1. Set Up a Pinterest Business Account

First things first, you want to set up a Pinterest Business account. Then, make sure your profile is optimized to reflect the tone of voice and aesthetic of your brand.

Top Tip: ensure your bio's filled with plenty of relevant keywords while reflecting your company's voice.
Branding Your Account

Branding Your Account

Add a board cover to your profile. These are amazing for making your Pinterest account more cohesive with your brand.
You'll also need to opt for SEO-friendly board titles. Try to keep them short and snappy. Then, you can utilize the board's description section to insert more keywords and hashtags.

Top Tip: These hashtags are clickable and fantastic for getting a better idea of what your target market is looking for on Pinterest. You can use this info to refine your marketing strategy.

2. Optimize Your Website Images

You need to make it as easy as possible for your website visitors to pin images from your web pages onto their Pinterest boards.

You can do this by installing Pinterest's 'Save Button' to allow users to save your images onto their Pinterest account, with just a few simple clicks.

Rich Pins

Utilize rich pins. This display pricing info makes them ideal if you're running an e-commerce store. Alternatively, if you're running a blog, 'article pins' are just the ticket for driving traffic.  

Top Tip: Use vertical images, and scale them, so they boast a 600-pixel width and an aspect ratio of either 2:3 or 1:3.5.
Handy Hack: If you're struggling to create Pinterest friendly images, use Canva. It's a free resource offering a ton of pre-made templates which are fabulous for Pinterest marketers.

If you want to take your product pins a step further, you can sync your online store with your Pinterest account. This way, when users save your pin, they can "Add to bag" and pay for your products without even leaving Pinterest - how awesome this that?!

Apply for Rich Pins

You can only use rich pins if you have a validated site. This validation process doesn't occur automatically. Instead, you'll have to apply by doing the following:

  • Add Pinterest's code to your site. You can use the Yoast SEO plugin to do that; this app allows you to add a Pinterest meta tag as well as the option of copying and pasting the necessary code from Pinterest. Once you've done this, you enable Pinterest to review the legitimacy of your site. 
  • Validate your site on Pinterest. To do this, head over to Pinterest's validation tool. Not only does this give you a preview of your pin, but it also gives you the opportunity to apply for rich pins. If the application is successful, you'll get an email from Pinterest telling you your Rich Pins have been enabled.

You should note: this can take as long as a week, so don't worry if you don't get an email immediately. It's a pretty simple process and it's well worth doing. You're sure to boost engagement when you start using rich pins.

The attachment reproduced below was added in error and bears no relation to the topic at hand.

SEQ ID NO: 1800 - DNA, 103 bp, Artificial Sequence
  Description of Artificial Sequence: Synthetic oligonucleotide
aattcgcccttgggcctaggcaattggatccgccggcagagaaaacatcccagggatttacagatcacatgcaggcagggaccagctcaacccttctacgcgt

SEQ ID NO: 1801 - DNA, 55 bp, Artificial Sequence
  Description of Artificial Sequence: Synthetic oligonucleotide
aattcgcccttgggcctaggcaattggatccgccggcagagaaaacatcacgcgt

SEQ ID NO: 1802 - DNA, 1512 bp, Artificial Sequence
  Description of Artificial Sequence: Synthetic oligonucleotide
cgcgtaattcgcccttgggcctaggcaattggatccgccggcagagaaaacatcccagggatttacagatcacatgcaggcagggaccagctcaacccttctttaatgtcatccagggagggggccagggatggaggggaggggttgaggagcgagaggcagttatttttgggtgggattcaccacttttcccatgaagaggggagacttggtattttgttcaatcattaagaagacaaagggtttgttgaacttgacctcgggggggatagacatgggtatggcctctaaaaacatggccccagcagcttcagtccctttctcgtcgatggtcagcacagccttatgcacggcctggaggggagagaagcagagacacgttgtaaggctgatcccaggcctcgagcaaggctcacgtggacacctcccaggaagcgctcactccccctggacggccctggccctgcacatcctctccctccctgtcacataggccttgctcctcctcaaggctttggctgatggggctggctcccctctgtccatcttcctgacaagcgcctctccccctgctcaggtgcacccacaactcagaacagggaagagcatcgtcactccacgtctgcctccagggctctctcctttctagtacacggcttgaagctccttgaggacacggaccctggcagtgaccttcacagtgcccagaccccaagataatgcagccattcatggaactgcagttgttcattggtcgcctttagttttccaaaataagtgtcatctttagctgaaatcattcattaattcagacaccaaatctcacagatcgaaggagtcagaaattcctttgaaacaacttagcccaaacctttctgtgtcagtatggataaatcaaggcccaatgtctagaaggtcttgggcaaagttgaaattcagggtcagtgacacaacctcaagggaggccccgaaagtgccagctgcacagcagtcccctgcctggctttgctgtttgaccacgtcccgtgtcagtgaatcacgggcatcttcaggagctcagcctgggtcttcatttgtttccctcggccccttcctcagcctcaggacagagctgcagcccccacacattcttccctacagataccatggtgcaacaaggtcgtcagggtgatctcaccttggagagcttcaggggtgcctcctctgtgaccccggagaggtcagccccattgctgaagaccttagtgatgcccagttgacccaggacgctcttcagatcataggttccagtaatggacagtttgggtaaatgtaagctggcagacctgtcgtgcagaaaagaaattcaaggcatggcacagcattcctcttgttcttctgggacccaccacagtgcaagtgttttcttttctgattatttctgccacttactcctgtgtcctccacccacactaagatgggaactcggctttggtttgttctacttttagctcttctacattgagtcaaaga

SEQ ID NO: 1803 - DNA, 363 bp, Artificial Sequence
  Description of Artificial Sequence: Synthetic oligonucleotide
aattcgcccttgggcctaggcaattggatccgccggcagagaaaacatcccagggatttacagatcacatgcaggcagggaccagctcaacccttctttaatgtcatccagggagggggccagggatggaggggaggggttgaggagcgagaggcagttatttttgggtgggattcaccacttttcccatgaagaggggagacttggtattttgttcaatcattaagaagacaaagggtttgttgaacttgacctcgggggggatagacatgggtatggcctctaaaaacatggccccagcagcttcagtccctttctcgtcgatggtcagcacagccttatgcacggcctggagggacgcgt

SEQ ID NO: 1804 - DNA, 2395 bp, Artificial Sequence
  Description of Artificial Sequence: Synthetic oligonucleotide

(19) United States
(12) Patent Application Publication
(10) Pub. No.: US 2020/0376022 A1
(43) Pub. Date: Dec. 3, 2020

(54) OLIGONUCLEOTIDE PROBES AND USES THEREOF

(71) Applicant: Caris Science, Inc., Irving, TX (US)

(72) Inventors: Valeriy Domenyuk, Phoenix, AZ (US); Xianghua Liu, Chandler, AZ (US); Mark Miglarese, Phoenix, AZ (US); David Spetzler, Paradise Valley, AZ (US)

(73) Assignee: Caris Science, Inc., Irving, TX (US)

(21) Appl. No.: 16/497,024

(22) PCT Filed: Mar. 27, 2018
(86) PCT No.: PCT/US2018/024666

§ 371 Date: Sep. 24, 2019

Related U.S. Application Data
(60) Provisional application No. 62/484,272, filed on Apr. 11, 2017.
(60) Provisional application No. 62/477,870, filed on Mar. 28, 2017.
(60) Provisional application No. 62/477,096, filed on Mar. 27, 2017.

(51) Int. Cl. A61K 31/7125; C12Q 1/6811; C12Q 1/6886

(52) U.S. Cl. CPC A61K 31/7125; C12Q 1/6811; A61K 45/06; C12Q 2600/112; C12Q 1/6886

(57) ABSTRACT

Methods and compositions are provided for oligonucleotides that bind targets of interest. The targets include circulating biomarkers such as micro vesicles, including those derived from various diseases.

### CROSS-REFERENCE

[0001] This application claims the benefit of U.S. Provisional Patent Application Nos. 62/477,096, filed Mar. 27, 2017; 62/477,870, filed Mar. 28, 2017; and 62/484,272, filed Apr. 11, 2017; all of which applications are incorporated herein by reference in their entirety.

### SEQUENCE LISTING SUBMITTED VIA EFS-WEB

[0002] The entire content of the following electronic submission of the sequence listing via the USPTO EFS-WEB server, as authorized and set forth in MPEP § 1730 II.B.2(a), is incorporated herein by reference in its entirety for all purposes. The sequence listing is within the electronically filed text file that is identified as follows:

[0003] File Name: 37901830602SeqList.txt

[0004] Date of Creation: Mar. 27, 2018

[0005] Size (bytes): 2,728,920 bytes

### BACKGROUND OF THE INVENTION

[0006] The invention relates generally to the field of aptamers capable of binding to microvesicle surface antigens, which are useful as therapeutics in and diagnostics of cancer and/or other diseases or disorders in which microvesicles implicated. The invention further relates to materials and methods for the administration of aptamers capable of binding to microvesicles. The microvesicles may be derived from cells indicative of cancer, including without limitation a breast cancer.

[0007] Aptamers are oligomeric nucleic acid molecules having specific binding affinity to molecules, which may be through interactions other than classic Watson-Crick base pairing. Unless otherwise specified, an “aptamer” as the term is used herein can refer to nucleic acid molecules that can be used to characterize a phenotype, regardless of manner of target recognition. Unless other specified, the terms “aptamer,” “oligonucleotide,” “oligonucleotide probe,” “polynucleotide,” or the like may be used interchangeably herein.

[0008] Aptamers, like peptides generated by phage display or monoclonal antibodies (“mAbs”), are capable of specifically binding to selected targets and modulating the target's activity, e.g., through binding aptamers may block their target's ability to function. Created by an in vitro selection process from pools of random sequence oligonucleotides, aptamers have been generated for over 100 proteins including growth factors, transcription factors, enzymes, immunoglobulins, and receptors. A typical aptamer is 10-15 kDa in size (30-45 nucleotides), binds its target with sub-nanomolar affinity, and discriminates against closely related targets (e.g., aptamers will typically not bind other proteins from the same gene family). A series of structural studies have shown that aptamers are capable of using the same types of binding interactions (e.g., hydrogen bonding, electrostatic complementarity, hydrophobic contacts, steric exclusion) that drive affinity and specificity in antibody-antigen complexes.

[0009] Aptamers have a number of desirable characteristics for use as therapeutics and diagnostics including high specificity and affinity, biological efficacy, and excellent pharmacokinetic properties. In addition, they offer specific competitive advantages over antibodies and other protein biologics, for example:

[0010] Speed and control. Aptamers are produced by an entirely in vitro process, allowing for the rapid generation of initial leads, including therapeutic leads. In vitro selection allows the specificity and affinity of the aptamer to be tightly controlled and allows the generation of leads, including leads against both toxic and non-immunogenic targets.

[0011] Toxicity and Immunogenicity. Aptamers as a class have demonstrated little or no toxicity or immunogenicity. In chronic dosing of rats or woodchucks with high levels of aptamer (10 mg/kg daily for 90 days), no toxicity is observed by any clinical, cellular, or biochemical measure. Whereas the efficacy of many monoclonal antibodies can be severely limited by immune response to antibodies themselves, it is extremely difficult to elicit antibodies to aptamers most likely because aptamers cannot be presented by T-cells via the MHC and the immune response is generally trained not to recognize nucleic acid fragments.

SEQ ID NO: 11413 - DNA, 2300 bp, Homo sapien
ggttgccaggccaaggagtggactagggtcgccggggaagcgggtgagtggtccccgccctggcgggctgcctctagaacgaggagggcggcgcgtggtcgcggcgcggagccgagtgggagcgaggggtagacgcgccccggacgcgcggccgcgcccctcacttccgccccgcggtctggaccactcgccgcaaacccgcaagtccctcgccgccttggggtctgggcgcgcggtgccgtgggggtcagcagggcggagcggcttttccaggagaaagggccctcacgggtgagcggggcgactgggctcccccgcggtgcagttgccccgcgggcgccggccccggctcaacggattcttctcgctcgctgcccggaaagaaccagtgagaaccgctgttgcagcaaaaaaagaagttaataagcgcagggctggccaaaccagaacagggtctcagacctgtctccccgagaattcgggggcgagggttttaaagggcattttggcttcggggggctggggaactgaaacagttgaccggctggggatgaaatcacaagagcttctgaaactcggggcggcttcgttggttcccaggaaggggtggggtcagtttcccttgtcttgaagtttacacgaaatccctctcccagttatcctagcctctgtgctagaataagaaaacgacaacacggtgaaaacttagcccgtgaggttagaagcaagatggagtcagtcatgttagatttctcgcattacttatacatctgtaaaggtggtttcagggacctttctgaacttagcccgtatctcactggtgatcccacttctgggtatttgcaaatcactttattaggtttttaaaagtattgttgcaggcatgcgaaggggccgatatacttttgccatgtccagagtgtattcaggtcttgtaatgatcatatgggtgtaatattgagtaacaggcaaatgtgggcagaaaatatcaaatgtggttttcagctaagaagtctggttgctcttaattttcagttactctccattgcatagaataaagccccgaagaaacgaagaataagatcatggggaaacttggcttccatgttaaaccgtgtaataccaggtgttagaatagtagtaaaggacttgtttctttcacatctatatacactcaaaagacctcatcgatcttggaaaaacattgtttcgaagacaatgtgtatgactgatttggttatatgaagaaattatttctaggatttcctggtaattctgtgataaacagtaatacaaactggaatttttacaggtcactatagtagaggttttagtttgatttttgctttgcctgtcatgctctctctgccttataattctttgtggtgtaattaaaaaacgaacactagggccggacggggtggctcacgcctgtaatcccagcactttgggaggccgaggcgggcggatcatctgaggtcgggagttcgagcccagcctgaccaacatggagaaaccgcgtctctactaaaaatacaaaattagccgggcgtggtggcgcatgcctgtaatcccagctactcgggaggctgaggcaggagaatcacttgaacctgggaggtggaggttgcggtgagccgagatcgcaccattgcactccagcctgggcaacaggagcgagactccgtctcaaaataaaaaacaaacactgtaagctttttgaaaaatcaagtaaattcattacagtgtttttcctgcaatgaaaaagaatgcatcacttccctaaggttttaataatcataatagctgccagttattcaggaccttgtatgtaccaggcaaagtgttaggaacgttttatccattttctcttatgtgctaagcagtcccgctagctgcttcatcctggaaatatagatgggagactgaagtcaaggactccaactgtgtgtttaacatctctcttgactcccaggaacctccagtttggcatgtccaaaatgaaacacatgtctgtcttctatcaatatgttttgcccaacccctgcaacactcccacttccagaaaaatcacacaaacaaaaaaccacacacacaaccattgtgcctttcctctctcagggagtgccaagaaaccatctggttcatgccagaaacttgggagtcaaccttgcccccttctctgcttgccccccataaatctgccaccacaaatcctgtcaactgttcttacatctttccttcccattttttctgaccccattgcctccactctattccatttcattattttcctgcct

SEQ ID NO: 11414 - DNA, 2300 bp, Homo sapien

3. Stay Active

Now you have everything up and running; you need to stay active on Pinterest.  You should continually add content to your profile and assess what users are searching for. This way you can provide the best possible content for your audience.

Top Tip: To make your brand memorable, aim to pin at least five times a day. You can make this easier by using a scheduling app like Buffer to plan what you want to pin and when.

Handy Hack:  You want to space out your pins. It's no good publishing ten pins all in one go. When you space out your content throughout the day, you're more likely to engage with your audience.
By staying 'active' on Pinterest, we also mean you should be continually analyzing the effectiveness of your current strategies. Use Pinterest's analytics to see what your most popular pins are. That way you'll know what kind of content to replicate.

4. Other Things You Can Do

There are a few other things you can do to maximize your Pinterest efforts:

  • Categorize your boards: When you do this, you make it easier for users to find your pins. Not only does this result in increased engagement, but you may even score a few loyal followers. 
  • Find popular group boards. You can use a resource like PinGroupie to identify these boards and contribute to these communities. This is fantastic for getting your brand out there.
  • Add your logo to the bottom of all your images. This helps to boost brand recognition.  
    All these ideas will undoubtedly help improve your Pinterest branding.

Did You Enjoy These Pinterest Brand Marketing Tips?

We hope these Pinterest brand marketing tips help boost your conversions! If you enjoyed this article, you'd love the other pieces published on our blog.

Learn everything from actionable SEO tips to how to improve your site speed. Or, if you have any questions about online marketing, please feel free to reach out and contact us.

About the Author

Andy co-founded Data Made Accessible, the predecessor to Infront Webworks, in 1994. DMA became Infront Webworks in 1999 and Andy presided over the business as his company grew for nearly two decades to become the premier online agency in Colorado Springs. Andy and Joan Meng sold Infront to Matt Palis in April 2011, and Andy remains as the “Director of Business Development” for Infront.